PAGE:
"We have to move the issue beyond out respective passions," Haugland says. "Our feeling is that the data (from elsewhere) don't conform to the needs here in the eastern forest. We see the evidence of (bike) impacts, but it has not been studied scientifically."
This is a quote from the link I am about to post. ^^^
There is nothing really to gain by arguing and blame. I personally believe that it has less to do with use, but with trail design. If you really want to make a difference, fix the trails. There are many groups that do this, check out wvmba for example. I really want more people to be active. I live and work in what is possibly the epicenter of bad health. The National Park Service's solution to trail erosion, is to shut them down, and limit access.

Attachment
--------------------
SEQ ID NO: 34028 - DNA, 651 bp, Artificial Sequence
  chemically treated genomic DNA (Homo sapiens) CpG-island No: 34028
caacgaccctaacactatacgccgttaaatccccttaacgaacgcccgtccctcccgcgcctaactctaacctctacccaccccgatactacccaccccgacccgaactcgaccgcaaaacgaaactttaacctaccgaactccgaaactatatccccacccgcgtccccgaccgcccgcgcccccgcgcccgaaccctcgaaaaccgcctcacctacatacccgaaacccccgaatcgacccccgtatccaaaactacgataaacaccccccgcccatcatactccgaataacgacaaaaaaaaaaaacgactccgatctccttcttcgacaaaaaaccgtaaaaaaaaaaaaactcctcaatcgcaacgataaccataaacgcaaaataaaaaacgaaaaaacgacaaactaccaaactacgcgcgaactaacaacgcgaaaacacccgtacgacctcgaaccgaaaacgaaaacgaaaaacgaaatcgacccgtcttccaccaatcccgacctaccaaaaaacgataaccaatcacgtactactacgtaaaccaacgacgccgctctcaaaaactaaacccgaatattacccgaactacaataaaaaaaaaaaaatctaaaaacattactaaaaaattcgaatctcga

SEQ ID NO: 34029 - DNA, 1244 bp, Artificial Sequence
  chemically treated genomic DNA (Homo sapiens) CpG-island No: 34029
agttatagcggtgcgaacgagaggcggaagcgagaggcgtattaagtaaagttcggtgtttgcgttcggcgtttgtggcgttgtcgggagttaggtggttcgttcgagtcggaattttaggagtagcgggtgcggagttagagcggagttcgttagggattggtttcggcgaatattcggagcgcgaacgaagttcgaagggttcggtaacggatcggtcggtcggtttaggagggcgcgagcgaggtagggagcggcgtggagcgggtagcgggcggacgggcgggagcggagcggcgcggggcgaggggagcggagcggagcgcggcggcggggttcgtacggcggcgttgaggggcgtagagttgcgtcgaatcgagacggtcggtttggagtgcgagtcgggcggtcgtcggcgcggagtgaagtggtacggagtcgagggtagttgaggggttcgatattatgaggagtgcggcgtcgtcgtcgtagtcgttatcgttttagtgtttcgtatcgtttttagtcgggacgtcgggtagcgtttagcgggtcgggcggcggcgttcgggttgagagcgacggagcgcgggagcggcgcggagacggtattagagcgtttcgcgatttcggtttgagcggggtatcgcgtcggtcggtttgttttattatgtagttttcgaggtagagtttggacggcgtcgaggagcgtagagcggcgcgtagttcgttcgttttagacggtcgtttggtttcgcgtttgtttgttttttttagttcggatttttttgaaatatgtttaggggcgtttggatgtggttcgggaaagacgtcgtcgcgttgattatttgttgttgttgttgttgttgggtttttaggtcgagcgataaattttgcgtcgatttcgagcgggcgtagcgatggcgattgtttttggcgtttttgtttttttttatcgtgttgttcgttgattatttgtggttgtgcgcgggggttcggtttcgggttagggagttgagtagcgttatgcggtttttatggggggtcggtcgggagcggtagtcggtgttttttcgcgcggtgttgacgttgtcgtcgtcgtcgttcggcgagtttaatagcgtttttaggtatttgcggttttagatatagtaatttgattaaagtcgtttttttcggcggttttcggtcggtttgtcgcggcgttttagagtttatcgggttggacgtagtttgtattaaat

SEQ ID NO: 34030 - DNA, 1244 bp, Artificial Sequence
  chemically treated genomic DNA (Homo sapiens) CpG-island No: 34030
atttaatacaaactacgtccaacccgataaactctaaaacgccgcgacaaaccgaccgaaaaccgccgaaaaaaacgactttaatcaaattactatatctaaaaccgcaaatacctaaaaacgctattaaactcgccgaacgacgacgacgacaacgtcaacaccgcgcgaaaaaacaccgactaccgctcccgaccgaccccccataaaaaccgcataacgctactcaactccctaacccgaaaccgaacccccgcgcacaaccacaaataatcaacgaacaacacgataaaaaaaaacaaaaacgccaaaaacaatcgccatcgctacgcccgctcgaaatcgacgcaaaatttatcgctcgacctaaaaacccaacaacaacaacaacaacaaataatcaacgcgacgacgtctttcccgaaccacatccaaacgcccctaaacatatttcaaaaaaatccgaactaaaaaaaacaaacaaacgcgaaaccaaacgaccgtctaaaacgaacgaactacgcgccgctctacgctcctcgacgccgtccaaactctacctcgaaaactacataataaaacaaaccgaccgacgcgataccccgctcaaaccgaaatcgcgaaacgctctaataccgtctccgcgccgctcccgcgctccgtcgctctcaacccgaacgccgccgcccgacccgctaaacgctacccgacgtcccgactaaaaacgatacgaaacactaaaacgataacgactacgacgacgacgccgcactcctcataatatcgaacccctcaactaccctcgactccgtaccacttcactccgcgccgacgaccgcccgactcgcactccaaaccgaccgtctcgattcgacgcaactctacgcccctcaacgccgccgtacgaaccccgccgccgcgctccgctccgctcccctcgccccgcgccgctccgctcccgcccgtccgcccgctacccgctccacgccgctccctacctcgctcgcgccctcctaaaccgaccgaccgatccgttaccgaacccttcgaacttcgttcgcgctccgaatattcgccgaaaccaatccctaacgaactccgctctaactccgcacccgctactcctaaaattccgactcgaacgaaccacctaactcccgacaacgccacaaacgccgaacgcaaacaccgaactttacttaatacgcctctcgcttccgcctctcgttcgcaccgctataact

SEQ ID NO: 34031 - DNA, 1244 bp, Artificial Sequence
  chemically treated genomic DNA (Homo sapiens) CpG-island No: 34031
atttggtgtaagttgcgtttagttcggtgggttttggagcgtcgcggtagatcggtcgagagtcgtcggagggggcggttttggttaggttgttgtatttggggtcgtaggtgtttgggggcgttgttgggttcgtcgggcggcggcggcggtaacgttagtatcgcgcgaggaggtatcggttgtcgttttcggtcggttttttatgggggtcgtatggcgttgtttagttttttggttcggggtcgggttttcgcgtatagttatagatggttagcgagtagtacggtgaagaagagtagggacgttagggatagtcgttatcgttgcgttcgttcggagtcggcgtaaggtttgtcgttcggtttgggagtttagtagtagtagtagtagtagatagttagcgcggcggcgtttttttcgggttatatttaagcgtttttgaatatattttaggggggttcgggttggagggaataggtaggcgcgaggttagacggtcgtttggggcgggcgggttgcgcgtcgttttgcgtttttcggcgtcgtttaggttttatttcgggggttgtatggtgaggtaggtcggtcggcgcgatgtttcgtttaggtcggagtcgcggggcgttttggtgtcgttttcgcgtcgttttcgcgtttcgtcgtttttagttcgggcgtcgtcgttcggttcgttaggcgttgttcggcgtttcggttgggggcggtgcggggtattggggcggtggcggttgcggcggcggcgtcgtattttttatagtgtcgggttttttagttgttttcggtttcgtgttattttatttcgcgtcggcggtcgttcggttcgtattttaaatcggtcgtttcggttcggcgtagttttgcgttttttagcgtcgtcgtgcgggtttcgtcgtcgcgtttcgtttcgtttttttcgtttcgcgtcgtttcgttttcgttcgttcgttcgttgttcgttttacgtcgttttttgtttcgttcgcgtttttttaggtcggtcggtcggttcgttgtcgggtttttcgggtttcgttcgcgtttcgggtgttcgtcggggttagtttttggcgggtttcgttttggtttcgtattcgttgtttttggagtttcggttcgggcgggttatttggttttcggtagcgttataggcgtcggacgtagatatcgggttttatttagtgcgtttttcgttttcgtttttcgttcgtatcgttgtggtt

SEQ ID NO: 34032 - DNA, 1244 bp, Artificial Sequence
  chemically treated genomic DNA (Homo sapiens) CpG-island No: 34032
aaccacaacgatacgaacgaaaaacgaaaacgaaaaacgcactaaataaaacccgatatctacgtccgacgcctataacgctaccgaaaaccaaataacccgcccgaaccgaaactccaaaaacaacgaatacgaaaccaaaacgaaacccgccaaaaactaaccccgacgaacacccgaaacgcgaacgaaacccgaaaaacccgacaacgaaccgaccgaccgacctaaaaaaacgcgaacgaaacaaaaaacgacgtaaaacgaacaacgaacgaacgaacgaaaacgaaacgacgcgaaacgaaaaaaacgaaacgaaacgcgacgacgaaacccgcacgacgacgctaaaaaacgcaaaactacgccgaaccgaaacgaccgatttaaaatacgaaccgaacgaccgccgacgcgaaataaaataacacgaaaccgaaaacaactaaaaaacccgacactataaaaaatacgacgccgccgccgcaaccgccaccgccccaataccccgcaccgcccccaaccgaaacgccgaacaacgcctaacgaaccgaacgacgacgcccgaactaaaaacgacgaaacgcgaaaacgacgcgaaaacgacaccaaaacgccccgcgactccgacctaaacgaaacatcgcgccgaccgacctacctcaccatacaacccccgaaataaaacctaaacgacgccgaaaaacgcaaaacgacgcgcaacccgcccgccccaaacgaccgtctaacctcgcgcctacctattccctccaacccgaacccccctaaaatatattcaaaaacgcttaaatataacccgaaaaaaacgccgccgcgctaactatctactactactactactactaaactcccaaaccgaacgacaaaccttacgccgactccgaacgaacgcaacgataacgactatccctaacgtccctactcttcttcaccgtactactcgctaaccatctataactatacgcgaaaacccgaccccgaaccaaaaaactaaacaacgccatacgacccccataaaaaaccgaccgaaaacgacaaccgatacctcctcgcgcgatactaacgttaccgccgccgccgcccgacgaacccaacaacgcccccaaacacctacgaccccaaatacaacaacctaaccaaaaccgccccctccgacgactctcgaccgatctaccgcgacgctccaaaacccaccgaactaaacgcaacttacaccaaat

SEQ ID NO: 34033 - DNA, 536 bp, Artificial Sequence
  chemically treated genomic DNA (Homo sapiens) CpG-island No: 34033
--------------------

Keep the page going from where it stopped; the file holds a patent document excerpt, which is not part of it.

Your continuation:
There is more benefit for cyclists, backcountry skiers, equestrians, hikers, hunters, and others to join together, and keep the trails open. I wish that WV were more active in this respect. There are perhaps thousands of miles of trails in my area. Old logging and mine roads that could be used to maintain an active lifestyle. These areas are being bought by the NPS and turned into Wilderness areas. Anything that has, wheels, hoofs, or skis, is outlawed. These lands were deemed for public use. Who uses them? The conversion of these lands, has decreased useage.